Another interviewee, author and technology journalist Paul Gillin, refers to sharing knowledge as the essence of social business. He recognises that some organisations are still resistant and culturally not prepared to share information - an act often viewed as a threat rather an advantage. However, he believes that “as people become more comfortable using social networks in public, they will also become more comfortable using them within corporation.” Gillin acknowledges the roles played by internal evangelists, C-level executives' involvement and buy-in, and the delivery of a well defined purpose and unique value of the social networks to employees. “Internal social networks will ultimately be successful and will probably be transformative...it will become simply part of the landscape.”

In her interview, Whole Foods Market's Natanya Anderson, does not talk about internal social media. Instead she describes how social has allowed the company to engaged with customers through a new type of relationship based on shared values and listening. However, she emphasises that in order to do this, the first challenge for the company is cultural. The process “really touches every elements of the business,” with huge implications for staffing. “In social and digital today people are seeking authentic conversation. They don't want a canned response. They want a human being to respond to them and they want the conversation to be person to person. To do that you have to have people engaged.
Being a social organisation means utilising social technologies – and not just technologies – but social attitudes and the preferences of everyone involved in the enterprise to help run the business.”

It sounds like an exciting time for most organisations heading in the direction of becoming socially enabled. I look forward to knowing how social media inside the enterprise is going to evolve.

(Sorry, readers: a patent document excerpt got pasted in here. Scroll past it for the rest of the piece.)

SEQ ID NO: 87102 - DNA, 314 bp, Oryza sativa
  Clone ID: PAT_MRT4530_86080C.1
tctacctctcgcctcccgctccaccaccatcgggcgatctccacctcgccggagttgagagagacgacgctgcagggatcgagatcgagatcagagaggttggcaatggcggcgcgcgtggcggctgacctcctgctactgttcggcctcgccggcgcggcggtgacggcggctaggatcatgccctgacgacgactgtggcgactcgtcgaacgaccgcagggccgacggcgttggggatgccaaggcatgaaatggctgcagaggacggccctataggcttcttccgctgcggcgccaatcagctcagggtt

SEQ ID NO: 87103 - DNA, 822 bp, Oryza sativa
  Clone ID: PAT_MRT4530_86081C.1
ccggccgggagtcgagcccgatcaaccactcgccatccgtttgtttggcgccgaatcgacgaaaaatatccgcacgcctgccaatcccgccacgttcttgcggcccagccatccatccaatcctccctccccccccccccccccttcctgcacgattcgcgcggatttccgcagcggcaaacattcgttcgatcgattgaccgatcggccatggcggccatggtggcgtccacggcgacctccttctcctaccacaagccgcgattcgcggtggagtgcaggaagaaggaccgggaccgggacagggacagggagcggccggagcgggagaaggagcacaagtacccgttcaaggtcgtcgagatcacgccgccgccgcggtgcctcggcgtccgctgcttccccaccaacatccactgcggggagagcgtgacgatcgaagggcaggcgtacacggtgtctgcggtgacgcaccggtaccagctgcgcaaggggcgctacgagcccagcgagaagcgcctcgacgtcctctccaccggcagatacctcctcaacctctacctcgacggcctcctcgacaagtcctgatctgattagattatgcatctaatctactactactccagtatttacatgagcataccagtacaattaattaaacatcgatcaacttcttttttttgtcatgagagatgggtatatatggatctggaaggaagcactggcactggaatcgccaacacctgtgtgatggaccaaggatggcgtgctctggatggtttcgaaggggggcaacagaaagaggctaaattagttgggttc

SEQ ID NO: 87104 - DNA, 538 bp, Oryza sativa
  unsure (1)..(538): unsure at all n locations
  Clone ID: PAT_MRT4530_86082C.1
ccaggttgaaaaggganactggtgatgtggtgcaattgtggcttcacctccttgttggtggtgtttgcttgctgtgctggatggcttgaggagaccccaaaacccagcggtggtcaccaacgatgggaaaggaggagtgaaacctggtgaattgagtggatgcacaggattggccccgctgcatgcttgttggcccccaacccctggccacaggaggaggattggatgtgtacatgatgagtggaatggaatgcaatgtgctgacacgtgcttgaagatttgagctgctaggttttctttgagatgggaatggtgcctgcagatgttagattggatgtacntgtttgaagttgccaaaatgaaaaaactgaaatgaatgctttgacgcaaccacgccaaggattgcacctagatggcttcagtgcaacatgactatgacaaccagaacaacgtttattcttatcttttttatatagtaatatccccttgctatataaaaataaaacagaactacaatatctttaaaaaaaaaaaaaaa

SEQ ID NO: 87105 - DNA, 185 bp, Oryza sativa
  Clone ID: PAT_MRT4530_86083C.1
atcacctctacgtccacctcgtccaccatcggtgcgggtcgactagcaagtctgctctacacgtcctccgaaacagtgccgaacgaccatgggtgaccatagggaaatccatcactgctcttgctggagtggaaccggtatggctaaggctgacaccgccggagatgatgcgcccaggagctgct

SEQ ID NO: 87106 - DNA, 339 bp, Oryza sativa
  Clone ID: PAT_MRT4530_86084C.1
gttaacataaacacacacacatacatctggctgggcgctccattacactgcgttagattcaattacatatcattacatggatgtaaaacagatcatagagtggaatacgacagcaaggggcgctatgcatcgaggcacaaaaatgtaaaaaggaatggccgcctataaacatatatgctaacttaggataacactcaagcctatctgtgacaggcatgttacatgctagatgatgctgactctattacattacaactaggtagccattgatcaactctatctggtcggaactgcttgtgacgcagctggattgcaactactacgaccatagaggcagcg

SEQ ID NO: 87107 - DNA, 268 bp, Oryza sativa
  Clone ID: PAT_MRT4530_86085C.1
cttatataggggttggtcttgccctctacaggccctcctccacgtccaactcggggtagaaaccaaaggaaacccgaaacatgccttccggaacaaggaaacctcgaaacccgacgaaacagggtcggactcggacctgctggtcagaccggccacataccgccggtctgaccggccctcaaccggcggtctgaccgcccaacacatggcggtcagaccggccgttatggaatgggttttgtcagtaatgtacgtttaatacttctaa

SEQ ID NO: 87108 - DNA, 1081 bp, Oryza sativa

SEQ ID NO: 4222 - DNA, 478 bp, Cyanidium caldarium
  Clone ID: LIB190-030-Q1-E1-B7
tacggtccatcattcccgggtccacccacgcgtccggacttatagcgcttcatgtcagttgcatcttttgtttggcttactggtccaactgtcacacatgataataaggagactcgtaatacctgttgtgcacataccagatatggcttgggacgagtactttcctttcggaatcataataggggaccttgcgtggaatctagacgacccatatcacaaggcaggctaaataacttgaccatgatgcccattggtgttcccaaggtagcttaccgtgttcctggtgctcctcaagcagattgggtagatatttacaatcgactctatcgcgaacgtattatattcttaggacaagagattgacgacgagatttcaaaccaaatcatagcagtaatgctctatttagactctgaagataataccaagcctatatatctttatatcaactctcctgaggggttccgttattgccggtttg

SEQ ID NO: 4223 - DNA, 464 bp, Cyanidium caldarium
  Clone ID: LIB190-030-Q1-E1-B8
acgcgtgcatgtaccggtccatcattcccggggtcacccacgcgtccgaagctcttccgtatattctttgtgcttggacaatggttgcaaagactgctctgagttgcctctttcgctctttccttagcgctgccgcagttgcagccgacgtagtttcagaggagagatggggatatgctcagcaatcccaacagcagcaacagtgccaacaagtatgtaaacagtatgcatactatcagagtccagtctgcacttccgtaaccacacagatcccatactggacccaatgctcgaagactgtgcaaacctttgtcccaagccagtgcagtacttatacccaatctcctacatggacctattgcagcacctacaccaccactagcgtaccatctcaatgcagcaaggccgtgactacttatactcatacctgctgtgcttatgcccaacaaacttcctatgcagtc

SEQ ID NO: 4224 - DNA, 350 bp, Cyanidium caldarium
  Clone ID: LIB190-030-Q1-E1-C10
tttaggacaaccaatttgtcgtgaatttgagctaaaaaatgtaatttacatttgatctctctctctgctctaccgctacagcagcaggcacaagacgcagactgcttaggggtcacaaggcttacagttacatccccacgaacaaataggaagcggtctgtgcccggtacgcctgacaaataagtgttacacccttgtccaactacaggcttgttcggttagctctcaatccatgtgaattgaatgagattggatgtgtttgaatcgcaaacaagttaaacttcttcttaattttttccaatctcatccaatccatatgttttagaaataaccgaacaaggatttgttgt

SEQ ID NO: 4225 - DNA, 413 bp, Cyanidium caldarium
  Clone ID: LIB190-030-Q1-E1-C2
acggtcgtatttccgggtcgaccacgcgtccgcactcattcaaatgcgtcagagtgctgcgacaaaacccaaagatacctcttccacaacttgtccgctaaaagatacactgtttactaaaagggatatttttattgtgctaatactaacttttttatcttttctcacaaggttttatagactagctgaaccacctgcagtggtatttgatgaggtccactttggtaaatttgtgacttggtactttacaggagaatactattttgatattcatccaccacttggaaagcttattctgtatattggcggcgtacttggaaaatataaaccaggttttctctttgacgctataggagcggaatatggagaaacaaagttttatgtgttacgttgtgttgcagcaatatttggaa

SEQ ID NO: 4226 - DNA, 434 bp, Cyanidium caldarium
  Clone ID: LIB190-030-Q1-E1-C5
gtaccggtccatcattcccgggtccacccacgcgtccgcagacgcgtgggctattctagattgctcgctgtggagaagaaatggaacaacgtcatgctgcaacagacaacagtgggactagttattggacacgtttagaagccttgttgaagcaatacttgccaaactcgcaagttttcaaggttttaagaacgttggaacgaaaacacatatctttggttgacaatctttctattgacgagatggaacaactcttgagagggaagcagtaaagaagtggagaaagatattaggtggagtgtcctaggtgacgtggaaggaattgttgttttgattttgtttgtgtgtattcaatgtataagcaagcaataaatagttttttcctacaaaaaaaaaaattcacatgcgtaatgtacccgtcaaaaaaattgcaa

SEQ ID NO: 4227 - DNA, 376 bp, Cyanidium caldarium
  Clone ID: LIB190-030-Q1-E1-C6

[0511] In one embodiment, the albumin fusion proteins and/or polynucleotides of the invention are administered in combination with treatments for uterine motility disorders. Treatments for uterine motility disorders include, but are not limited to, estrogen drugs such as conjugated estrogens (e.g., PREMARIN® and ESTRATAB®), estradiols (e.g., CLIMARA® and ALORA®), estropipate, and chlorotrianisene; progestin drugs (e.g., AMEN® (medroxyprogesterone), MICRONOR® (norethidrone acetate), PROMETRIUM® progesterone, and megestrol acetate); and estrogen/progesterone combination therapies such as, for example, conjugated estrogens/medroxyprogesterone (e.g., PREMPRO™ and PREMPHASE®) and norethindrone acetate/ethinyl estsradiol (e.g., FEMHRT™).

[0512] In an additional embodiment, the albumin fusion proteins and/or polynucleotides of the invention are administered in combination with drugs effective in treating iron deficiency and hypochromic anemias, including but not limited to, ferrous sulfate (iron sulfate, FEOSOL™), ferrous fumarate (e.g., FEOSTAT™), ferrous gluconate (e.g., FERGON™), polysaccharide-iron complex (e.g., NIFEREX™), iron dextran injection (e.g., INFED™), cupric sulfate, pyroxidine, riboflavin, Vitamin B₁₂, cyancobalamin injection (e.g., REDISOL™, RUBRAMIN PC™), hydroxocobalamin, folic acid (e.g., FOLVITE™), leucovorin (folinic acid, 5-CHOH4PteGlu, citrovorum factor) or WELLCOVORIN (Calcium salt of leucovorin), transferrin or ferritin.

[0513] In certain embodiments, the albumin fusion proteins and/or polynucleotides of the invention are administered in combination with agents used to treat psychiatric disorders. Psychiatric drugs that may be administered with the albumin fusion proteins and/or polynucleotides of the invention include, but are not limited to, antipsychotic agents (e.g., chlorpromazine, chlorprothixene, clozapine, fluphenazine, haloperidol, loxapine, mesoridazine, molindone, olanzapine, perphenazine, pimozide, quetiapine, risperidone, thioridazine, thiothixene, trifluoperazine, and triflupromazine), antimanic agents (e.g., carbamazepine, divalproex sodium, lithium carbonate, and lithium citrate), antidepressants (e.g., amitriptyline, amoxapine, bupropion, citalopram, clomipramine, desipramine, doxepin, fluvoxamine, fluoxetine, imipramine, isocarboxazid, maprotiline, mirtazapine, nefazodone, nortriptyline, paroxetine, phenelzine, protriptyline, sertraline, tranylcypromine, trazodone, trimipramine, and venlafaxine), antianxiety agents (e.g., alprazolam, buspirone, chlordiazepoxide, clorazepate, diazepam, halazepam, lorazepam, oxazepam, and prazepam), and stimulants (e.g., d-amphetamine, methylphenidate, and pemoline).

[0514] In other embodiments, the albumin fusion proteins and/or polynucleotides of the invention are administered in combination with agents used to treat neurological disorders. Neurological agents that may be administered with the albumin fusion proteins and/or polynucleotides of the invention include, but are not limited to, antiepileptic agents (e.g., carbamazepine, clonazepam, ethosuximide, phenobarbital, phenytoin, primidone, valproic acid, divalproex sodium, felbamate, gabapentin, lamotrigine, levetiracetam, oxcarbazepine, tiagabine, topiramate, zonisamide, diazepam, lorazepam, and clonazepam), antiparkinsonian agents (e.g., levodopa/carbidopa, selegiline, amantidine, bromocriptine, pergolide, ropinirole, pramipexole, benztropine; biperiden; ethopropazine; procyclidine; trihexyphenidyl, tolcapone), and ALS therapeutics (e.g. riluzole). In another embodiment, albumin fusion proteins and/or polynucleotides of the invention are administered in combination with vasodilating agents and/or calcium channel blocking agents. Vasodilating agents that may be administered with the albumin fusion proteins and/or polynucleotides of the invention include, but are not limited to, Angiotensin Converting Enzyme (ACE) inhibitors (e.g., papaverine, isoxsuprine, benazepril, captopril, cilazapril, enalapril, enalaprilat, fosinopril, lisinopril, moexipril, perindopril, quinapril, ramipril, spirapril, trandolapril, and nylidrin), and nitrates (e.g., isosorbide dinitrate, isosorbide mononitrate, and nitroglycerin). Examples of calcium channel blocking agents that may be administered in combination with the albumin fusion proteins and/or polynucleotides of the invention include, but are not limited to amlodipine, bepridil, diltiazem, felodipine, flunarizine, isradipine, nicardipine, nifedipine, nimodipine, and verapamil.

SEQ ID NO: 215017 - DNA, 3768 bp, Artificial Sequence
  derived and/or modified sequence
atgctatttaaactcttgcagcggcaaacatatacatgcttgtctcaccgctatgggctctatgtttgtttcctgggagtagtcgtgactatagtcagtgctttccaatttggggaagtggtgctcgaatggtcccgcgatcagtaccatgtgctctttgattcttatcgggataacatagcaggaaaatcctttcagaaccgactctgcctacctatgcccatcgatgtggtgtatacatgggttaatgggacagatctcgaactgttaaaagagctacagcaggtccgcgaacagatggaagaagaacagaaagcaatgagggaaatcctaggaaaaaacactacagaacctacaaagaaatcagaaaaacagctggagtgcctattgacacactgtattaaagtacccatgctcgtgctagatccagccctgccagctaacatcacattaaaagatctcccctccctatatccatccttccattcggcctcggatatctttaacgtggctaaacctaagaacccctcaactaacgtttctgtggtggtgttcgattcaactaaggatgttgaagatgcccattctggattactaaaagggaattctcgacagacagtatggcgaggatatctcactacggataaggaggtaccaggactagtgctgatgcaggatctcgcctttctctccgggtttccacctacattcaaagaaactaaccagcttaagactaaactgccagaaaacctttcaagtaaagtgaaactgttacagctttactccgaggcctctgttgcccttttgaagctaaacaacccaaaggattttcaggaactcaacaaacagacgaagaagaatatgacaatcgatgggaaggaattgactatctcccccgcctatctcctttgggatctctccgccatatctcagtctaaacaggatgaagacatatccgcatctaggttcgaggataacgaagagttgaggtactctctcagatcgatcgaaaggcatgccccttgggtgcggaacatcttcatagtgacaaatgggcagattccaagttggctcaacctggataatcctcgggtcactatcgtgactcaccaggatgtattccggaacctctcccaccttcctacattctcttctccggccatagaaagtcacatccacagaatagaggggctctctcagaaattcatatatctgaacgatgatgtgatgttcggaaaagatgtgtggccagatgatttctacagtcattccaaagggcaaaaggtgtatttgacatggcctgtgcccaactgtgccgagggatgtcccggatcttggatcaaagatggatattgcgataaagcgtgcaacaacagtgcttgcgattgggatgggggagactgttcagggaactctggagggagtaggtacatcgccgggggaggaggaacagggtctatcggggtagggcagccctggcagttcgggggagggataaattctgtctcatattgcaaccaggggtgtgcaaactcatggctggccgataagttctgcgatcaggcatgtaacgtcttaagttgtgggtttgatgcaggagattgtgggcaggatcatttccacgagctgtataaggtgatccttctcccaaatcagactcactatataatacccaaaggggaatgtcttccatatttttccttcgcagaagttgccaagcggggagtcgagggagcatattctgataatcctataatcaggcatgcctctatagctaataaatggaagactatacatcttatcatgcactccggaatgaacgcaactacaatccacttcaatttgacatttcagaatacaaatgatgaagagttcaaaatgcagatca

Image by iStockPhoto, Jesùs Sanz 

Sunday, 24 November 2013

A look at internal communications through the world of cartoons

This week, the very first cartoon created by famous animator Joseph Barbera has been sold at Heritage Auctions. I was reading this news on the Metro some days ago.

The story about Barbera's work made me want to write down a few thoughts from an internal communications perspective.

Back to the Metro's news, it reported:

Jim Lentz, from Heritage Auctions, said: ‘The story of Joe Barbera’s first cartoon is a fascinating one. He decided he wanted to have a go at writing a story.
So he sat down and drew a complete cartoon which was then shown to his boss, Paul Terry. He took a look at the drawings, shrugged his shoulders and told Barbera to get back to work'.
This historic sketch was based on an aeroplane race between Kiko and a moustachioed dog called Dirty Doug.
Determined to write stories, Barbera quit his job as a junior animator at Terrytoons.”

This is also documented on Wikipedia:

In 1935 Barbera created his first solo-effort storyboard about a character named Kiko the Kangaroo. The storyline was of Kiko in an airplane race with another character called Dirty Dog. Terry declined to produce the story. In his autobiography, Barbera said of his efforts..."I was, quite honestly, not in the least disappointed. I had proven to myself that I could do a storyboard, and that I had gained the experience of presenting it. For now, that was enough."

What did happen next?

Barbera joined GMG where he met William Hanna. Immediately, the two made friendship, and a partnership that lasted for more than sixty years was born. Together, they co-founded Hanna-Barbera and created some of the most entertaining cartoon characters of the last century including Tom and Jerry, The Flintstones, The Huckleberry Hound Show, Top Cat, Scooby-Doo, The Quick Draw McGraw Show, Yogi Bear, The Smurfs, and The Jetsons.